The science of eating (and enjoying) your greens
Updated: Feb 8, 2021
One of the most frequent dietary recommendations I make for my patients is "add at least 1 big serving of greens per day to your diet". I frequently get looks of horror, crinkled noses, or blank stares. For most folks, cooking greens is a lost art. Eating greens is so uncommon now, that I had one "helpful" grocery store employee tell me "honey, you don't eat kale! It's a garnish!"
You have probably heard “eat your greens” most of your life. Your grandmother, your doctor, your nutritionist, and your naturopath have all said it. The health benefits of dark leafy greens are undeniable. They are full of fiber, folate, and a multitude of other nutrients that help us detox, fight cancer, make energy and more.
The problem: hearty, dark leafy greens (kale, collards, chard, beet greens, turnip greens, mustard greens) are tough, fibrous and bitter. Most people have tried to either eat these raw (bitter and jaw breaking), or had them presented as a slimy mush (either canned, frozen or over-cooked).
How to make dark leafy greens not just palatable but delicious
There is a secret to cooking these amazing, healthy foods. They need a combination of flavors to provide the right chemicals to transform them into something not just more edible, but delicious and actually more nutritious.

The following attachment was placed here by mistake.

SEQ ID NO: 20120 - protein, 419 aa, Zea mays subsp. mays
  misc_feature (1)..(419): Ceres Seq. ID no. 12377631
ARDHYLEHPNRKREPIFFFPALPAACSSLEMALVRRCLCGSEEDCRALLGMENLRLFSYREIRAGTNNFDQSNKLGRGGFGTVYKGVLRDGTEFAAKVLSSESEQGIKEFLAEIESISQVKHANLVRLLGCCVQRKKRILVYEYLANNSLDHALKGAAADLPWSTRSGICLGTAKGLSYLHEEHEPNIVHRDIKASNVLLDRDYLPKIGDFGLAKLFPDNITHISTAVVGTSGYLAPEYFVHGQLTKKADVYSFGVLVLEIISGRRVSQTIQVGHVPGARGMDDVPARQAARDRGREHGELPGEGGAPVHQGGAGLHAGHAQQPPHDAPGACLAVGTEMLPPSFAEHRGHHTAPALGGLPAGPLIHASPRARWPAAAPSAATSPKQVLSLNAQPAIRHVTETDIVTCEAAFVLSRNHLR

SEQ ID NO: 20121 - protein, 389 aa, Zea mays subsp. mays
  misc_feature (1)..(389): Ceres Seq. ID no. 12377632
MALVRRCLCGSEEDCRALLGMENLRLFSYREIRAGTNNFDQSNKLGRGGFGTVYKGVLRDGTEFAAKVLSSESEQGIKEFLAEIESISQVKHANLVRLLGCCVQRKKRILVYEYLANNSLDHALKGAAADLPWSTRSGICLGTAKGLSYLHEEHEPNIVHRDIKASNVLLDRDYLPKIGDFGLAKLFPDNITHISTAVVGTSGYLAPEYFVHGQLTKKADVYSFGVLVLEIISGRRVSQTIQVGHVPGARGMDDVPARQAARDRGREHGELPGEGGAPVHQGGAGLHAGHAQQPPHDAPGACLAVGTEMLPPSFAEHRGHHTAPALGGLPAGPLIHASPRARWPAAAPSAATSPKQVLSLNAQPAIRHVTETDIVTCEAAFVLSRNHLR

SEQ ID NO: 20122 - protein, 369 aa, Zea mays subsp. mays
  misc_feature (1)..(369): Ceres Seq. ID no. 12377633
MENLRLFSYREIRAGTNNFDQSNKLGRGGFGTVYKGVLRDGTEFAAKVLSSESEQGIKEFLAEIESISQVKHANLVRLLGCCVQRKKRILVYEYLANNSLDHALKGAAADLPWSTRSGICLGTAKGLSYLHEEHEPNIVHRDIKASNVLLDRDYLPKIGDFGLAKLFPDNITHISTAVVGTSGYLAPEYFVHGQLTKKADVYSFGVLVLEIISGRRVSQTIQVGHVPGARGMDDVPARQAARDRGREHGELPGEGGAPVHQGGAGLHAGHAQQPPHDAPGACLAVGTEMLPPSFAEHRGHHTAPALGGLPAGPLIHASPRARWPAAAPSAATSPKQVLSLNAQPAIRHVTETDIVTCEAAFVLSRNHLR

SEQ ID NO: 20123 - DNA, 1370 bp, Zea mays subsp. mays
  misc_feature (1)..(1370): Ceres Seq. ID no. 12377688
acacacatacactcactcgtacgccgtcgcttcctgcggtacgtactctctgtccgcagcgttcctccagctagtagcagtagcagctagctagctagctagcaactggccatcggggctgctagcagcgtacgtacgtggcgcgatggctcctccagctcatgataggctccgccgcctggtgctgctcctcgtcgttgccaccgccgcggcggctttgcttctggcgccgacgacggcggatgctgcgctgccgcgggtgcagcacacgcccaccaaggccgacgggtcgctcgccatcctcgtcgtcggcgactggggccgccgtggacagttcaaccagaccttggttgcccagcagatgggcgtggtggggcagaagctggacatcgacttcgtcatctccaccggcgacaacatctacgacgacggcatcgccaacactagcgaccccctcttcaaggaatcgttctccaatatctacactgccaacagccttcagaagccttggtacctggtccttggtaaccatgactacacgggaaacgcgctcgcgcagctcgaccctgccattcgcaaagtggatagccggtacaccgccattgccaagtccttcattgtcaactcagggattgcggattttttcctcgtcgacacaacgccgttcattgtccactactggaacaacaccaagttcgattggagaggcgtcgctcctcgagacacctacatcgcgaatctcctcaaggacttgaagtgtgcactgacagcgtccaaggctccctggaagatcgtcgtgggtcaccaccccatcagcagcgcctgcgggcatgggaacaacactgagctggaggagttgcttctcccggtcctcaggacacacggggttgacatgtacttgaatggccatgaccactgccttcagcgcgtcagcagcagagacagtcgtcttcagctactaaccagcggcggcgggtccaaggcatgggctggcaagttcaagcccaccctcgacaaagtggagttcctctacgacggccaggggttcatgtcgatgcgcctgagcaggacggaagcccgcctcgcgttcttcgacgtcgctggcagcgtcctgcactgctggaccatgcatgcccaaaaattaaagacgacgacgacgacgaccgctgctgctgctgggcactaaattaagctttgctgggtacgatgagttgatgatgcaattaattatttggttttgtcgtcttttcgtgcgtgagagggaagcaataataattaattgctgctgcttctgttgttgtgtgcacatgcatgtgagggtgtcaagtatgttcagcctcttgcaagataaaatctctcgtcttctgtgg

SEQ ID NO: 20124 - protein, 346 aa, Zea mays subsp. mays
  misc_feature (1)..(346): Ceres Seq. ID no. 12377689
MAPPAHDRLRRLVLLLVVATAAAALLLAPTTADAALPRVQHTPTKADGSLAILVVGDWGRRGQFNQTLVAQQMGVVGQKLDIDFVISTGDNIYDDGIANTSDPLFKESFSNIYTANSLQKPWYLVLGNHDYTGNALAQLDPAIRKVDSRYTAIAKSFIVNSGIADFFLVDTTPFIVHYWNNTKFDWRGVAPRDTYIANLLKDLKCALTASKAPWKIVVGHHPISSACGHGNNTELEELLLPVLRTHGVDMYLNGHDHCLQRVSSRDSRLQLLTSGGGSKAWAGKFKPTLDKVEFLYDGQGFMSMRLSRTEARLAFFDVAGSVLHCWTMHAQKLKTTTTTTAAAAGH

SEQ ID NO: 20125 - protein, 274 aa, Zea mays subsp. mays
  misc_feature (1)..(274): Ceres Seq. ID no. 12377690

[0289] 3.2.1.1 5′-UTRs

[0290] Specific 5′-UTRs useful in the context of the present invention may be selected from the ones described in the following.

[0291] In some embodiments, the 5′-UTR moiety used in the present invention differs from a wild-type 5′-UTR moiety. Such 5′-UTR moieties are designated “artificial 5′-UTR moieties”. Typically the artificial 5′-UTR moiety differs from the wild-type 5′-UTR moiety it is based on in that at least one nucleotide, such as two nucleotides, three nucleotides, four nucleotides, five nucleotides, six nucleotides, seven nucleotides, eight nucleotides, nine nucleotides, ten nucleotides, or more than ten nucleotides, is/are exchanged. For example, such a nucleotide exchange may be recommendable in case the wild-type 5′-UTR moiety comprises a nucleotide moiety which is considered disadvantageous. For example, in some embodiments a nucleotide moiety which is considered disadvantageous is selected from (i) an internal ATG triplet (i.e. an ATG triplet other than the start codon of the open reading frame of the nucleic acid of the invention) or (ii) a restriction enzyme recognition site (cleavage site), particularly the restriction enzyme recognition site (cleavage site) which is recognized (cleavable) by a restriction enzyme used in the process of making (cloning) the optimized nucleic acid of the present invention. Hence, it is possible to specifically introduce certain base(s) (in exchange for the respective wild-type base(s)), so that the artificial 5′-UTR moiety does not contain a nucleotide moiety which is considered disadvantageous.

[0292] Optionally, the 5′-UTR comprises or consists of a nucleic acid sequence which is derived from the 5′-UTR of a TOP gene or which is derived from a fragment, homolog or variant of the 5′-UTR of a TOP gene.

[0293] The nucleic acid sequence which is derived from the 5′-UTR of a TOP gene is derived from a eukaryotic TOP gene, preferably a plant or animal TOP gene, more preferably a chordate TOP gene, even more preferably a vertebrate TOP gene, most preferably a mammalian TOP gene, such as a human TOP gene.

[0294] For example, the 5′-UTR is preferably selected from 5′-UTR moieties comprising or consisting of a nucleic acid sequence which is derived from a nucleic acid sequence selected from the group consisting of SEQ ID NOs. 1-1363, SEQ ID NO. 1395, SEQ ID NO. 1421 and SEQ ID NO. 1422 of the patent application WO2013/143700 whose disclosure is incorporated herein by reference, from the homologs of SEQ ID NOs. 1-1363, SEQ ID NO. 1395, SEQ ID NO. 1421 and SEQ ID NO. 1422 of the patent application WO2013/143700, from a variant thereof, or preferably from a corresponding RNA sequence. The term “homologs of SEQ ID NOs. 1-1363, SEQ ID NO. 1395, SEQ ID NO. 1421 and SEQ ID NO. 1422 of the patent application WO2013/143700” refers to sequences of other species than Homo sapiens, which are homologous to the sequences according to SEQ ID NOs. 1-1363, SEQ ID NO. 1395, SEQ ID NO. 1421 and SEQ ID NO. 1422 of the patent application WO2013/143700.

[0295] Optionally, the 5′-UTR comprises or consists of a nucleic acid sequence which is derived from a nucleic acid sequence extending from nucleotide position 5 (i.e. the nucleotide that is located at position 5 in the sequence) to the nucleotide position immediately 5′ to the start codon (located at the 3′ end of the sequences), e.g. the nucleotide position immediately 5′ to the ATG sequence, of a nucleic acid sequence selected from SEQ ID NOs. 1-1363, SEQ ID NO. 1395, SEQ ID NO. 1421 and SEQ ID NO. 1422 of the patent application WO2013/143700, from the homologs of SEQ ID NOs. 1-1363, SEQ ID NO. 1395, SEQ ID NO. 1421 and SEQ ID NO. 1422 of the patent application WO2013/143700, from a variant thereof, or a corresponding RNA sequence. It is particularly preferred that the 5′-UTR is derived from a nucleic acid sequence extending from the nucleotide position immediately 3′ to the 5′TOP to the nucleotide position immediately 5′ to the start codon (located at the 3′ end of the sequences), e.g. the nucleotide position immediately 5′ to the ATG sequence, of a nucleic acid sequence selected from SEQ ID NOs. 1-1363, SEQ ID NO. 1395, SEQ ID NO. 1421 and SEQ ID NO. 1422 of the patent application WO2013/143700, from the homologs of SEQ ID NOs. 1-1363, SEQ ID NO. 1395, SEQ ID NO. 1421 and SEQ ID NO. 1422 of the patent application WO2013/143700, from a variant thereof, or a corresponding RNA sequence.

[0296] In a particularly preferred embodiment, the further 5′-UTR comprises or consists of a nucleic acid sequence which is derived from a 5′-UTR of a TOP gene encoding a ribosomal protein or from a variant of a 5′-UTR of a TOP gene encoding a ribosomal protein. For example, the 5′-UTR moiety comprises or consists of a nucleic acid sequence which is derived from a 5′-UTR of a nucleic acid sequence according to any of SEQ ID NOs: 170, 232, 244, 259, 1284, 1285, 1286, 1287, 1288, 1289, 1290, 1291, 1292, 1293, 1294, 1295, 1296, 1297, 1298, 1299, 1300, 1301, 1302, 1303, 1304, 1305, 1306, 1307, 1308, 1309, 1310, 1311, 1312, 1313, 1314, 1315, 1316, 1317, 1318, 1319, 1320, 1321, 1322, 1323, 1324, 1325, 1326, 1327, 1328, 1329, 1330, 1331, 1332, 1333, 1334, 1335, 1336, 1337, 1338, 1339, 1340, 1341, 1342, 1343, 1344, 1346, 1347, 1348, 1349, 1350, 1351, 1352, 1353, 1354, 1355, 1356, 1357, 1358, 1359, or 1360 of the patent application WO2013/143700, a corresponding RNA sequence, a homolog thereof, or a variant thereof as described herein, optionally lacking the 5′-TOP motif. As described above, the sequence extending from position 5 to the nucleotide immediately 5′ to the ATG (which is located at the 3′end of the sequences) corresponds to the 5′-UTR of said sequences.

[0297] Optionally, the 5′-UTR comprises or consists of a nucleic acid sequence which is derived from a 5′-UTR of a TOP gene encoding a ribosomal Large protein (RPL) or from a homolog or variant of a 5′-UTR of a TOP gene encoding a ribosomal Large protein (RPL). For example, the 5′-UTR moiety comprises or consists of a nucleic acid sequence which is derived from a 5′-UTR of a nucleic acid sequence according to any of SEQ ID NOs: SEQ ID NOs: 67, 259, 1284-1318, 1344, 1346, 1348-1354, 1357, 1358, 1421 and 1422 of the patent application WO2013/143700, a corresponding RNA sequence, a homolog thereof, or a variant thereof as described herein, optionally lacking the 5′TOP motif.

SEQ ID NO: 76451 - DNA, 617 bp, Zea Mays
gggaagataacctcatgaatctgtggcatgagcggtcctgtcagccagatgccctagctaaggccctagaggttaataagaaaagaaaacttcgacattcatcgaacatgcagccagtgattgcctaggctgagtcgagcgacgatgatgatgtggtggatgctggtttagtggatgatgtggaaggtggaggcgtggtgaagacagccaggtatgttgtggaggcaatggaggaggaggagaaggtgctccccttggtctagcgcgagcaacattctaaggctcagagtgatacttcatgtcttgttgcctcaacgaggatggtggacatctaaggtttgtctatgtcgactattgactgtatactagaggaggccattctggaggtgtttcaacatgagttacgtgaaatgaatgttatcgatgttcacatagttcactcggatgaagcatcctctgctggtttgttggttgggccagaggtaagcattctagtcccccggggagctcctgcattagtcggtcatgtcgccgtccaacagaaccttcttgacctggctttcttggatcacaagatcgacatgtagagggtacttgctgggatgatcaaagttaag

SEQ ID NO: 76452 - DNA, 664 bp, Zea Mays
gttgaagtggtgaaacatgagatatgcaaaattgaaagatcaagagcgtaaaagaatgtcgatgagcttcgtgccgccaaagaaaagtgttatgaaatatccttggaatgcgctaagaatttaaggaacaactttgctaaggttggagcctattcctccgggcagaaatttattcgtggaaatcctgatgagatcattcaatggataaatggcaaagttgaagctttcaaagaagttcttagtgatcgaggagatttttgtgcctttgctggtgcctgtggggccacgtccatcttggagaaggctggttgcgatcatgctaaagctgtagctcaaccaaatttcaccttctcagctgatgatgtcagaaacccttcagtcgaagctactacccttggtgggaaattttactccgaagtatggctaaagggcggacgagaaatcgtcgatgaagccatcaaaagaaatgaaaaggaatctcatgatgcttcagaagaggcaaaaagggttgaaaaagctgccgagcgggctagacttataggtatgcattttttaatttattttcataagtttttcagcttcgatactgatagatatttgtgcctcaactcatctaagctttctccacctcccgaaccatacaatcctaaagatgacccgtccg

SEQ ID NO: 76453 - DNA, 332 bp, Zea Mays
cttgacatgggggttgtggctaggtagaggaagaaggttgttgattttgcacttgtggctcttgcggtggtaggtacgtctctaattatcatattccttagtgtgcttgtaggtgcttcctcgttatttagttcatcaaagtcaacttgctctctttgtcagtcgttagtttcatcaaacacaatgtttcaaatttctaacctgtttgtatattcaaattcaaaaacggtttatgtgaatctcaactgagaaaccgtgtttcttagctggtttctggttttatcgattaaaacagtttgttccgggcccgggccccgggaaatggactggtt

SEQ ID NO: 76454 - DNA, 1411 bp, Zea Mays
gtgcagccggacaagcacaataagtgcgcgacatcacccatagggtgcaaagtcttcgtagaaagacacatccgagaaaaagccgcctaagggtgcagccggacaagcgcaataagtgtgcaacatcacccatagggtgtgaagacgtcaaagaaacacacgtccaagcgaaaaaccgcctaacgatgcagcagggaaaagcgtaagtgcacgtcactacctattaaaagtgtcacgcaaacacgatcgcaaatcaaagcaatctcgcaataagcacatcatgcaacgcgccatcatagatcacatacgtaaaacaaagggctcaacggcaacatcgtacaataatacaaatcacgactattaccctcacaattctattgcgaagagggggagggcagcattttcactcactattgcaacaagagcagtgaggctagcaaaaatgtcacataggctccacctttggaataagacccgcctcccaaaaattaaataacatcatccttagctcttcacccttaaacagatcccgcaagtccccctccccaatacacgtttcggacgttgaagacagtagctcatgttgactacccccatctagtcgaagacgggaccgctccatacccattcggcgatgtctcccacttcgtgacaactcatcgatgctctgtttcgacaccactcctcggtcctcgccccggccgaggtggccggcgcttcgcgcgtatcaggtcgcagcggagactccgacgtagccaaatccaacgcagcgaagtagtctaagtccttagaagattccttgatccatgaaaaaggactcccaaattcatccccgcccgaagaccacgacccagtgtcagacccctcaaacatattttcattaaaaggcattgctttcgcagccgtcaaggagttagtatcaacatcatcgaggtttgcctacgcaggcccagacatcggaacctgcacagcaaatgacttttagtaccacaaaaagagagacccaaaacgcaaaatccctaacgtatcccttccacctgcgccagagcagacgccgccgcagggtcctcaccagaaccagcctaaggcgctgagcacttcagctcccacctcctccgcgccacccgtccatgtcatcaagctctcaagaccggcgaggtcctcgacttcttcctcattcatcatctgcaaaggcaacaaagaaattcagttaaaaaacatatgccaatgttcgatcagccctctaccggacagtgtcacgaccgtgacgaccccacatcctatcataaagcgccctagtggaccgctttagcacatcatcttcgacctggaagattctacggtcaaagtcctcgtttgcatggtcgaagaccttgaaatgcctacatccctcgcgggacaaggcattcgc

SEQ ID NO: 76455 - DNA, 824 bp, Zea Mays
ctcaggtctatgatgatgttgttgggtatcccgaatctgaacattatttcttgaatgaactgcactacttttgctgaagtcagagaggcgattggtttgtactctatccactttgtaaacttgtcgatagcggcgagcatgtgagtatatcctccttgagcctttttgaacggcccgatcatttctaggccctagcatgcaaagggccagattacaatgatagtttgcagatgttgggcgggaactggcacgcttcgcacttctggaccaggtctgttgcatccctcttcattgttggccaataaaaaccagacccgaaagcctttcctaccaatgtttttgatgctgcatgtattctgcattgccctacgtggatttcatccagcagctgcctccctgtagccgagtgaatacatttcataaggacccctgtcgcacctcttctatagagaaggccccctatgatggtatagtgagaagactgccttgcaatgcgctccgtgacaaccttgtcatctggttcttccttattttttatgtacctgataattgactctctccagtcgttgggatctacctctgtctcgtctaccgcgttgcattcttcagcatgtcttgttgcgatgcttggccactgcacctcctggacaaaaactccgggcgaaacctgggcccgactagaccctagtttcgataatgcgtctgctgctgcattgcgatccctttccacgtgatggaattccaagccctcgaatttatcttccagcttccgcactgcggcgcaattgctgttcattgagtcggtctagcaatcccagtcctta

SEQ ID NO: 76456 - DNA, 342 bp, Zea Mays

You need an oil, an acid and salt at minimum to make greens yield their nutrients and taste good.
Which oils, which acids, the source of salt are entirely up to you. You can be as creative as your imagination will allow. With the optional addition of sweet and savory flavors, this creates the potential for a whole world of taste and flavor options. I have eaten greens in the American South, the American Pacific Northwest, the Caribbean, Africa, and Asia. All were completely different and all were delicious. The common thread was the presence of an acid, and oil and a salt.
Acid neutralizes the bitter components (allowing for better nutrient absorption). The oil, salt, acid combo also helps break down the fiber and cell walls, making the greens MUCH easier to chew and, again, easier for our body to extract nutrients from.
Here are some combinations to get you started:
Wash and roughly dry greens
De-stem (cut or tear out thick, hard stems)
Cut / tear greens into desired size (1-2 inch squares, or thin ribbon like slices, etc)
Heat skillet (medium), add oil, then savory component, then greens, then the salty, sour, then the sweet
Total time on the stove is usually under 3 min. Don’t overcook. Cook just long enough to wilt the greens to about ½ of their original volume.
Raw Kale salads:
Folate (the main nutrient we want to get out of our leafy greens) is actually fairly fragile, and is damaged by cooking. One way to enjoy greens while preserving that all-important folate is to use chemistry to wilt the greens into a cooked-like state without using heat.
The key here is to massage the oil, salt and acid into the fresh raw leaves until they are wilted.
Then you can toss the wilted leaves with any combination of fruit, nuts, seeds, protein and dressing that you desire.